El Burrito Restaurants
Skyway level, TCF Building, 121 S. Eighth St., Minneapolis; (612) 339-0711
Ground-floor level, North Star Building, 618 Second Ave. S., Minneapolis; (612) 339-8620
Hours: 10:30 a.m.-2:00 p.m. Monday-Friday
What kind of restaurant is open for three or four hours a day? A skyway restaurant.
"It's amazing to see," says Jeff Alexander. "There are these eating hours and boom! It's like a bell goes off, and thousands and thousands of people leave their offices, flood down into the skyways, and then they'll either go eat, or buy stamps. There's this little window of time. Everybody's got 30 minutes and then boom! They're gone. Ghost town. They used to have 55 minutes, but now they have 30. The face of productivity increases."
Alexander should know; he has been watching the faces of productivity for 17 years now, running skyway-abutting food spots with his wife Debba Alexander. Today they own the two El Burritos as well as Alexander's restaurant. Turning those faces of productivity your way is no easy feat, but the Alexanders have figured out a strategy: Perfume the air with chiles.
The first time I noticed the place, I had armfuls of bagels weighing me down, but even all that dough couldn't distract me from the amazing fragrance. I was drawn to it like a toddler spying unguarded stemware. Now I've been to the places four times and can report that their burritos stand squarely in the first rank of Twin Cities burritos, alongside such hall-of-famers as Bar Abilene, El Burrito Mercado, and Tejas.
I particularly liked an El Burrito burrito filled with beef diablo, a rich, spicy, smoky stew full of the taste of just-roasted dry chiles, and I also grew fond of the chicken mole, a sweet, nutty, intensely fragrant combination of chicken breast, ground toasted seeds, and chiles. All the house-made salsas are fresh and good (though the tomato salsa has that fresh salsa half-life--it's twice as good at 10:30 as it is at 2:00). That said, I thought the tomato salsa was appealingly forthright, just fresh chopped tomatoes brightened with cilantro, lime, and onions. And the tomatillo salsa has a form-perfect sour bite. The beans are a cut above standard issue: Black beans are stewed with rice to give them an earthy breadth; pinto beans aren't mushed and fried, but cooked twice (to eliminate fat) and combined with a touch of feta, to give them depth. I thought the nonfried refrieds and the beef diablo were an irresistible combination to put in a burrito, the sweet platform of the beans providing a secure base for the roundhouse punch of the chiles. That'll knock you out of a morning's office stupor.
Burritos start at $4 for rice and beans and house-made pico de gallo; $4.95 gets you that plus a vegetable or meat filling and cheese. For $5.95 you can get the "grande" with your choice of all sorts of add-ins, like shredded lettuce, pickled jalapeño slices, sour cream, and more of the usual suspects. All the burritos come in long, thin paper bags, their sleeves topped off with corn chips. As usual, regulars knew their way around the joint better than I and seemed to have developed deep intuition for what went best with what, pinto beans with pork and cheese, chicken mole without beans but with fresh, whole sprigs of cilantro.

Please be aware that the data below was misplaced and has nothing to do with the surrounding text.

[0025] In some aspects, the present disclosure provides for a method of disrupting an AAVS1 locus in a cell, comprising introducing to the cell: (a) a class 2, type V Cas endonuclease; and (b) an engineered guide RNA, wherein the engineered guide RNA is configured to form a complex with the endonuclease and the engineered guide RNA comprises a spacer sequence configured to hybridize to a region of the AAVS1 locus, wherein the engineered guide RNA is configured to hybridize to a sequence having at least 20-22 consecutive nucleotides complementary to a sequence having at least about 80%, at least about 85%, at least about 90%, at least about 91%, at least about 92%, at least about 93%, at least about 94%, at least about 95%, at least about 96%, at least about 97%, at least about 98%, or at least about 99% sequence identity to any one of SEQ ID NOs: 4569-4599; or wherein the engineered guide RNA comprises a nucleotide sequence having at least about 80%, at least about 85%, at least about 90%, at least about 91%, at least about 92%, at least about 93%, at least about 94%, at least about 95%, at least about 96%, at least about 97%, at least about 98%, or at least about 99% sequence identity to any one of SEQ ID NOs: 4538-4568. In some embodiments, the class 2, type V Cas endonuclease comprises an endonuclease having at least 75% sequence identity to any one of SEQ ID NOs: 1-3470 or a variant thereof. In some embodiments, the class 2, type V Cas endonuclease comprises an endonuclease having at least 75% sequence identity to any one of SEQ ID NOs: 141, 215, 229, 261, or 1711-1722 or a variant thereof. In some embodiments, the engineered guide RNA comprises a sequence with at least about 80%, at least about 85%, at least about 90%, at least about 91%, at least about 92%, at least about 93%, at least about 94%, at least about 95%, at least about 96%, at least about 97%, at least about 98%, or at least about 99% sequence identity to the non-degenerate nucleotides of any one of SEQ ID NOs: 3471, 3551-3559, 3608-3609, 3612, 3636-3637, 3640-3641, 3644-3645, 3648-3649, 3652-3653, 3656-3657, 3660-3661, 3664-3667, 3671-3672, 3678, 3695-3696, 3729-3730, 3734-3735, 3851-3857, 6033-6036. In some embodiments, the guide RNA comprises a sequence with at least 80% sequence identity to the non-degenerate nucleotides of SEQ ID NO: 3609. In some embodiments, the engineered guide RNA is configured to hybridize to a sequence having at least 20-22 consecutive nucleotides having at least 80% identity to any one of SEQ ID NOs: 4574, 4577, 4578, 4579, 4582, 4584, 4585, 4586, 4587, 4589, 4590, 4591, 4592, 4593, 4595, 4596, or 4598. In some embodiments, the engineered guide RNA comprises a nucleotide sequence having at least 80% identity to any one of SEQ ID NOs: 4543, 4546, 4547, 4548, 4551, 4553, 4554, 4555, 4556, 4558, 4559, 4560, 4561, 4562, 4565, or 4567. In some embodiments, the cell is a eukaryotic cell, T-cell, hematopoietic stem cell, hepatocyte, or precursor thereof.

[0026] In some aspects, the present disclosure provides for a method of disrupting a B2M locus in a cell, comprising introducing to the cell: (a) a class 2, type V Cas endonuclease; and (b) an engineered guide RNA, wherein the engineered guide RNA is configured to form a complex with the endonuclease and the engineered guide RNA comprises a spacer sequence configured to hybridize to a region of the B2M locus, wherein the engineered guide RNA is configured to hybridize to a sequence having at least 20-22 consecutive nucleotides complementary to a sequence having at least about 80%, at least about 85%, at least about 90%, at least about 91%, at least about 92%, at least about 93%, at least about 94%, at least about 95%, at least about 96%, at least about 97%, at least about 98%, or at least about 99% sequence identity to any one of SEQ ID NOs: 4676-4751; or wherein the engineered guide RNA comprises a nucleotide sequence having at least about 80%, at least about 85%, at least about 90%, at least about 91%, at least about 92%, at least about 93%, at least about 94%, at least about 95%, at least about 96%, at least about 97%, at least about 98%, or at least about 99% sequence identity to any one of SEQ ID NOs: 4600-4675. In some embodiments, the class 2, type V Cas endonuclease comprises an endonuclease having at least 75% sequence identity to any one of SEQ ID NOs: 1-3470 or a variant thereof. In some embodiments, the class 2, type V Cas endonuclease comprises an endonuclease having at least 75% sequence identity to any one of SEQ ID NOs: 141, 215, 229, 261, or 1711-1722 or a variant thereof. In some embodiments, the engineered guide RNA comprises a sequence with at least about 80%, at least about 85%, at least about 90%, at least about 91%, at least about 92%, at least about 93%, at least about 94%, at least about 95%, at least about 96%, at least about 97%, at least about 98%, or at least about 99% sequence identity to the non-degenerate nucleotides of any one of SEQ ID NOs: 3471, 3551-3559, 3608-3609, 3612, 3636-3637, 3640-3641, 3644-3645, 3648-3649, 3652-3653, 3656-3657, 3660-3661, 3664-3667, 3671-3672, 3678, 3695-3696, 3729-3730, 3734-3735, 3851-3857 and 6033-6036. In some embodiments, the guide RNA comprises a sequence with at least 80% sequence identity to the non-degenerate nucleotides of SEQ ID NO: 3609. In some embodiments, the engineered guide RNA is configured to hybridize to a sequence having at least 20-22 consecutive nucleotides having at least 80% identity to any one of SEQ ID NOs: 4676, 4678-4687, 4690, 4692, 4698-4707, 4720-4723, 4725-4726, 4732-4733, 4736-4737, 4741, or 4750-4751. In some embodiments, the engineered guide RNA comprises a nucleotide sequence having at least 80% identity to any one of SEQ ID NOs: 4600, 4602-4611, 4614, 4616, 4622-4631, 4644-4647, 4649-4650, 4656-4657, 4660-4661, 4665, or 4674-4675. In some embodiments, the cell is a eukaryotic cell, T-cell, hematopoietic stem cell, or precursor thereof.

The one bit of insiderish knowledge I picked up was of the negative type: I went to the El Burritos three times by myself and got takeout with good results. But the one time I brought friends we didn't get there until just before closing time, and the food was a mess. The mole was strangely watery, as though someone had tried to dilute a thickened pan; they had run out of guacamole; and there was no more of the day's vegetable filling. I wouldn't go again to either of the places after 1:00 p.m., because the food seems to get exhausted in the steam trays.
I am definitely going to try to go back on a Tuesday though, because that's when the chicken verde is served. Alexander says it's a cult favorite, drawing people through the skyways from a mile off. ("If we don't have the chicken verde, people call me up at Alexander's and say, 'Jeff. Now what the heck is going on?'") I believe it: When I was there for beef diablo day, which arrives every other Friday, I found an engineer who comes in all the way from Eagan for the things.
I don't know how he ever found it. For those of you who don't know where the Northstar Center is, my best advice is to take to drink, because this sentence marks the end of hope for you. Yes, some could argue that it's simply west of Second Avenue between Sixth and Seventh streets, but that's like arguing a burrito is just a taco made Cadillac-size. It's not; it's a different thing altogether. It's taco plus California plus big. Truly, the Northstar Center isn't just skyway; it's where the skyway goes mad, seizing all the passers-through, whisking them into a rabbit hole of an escalator, spitting them out into a corridor made of half mirrors and half travel agents under glass, then driving them toward a black-and-white tiled multilevel terrace defined by a Burger King and an Arby's on the far edges, a fruit stand in the middle, and an open-air Saturn showroom with cars nosing ominously toward the fruit. The whole tableau suggests, above all, an action-adventure movie. ("No! Keanu! He's not going to drive straight through the--" [squealing tires, flying watermelons, the police chief skids in, slipping on a banana].)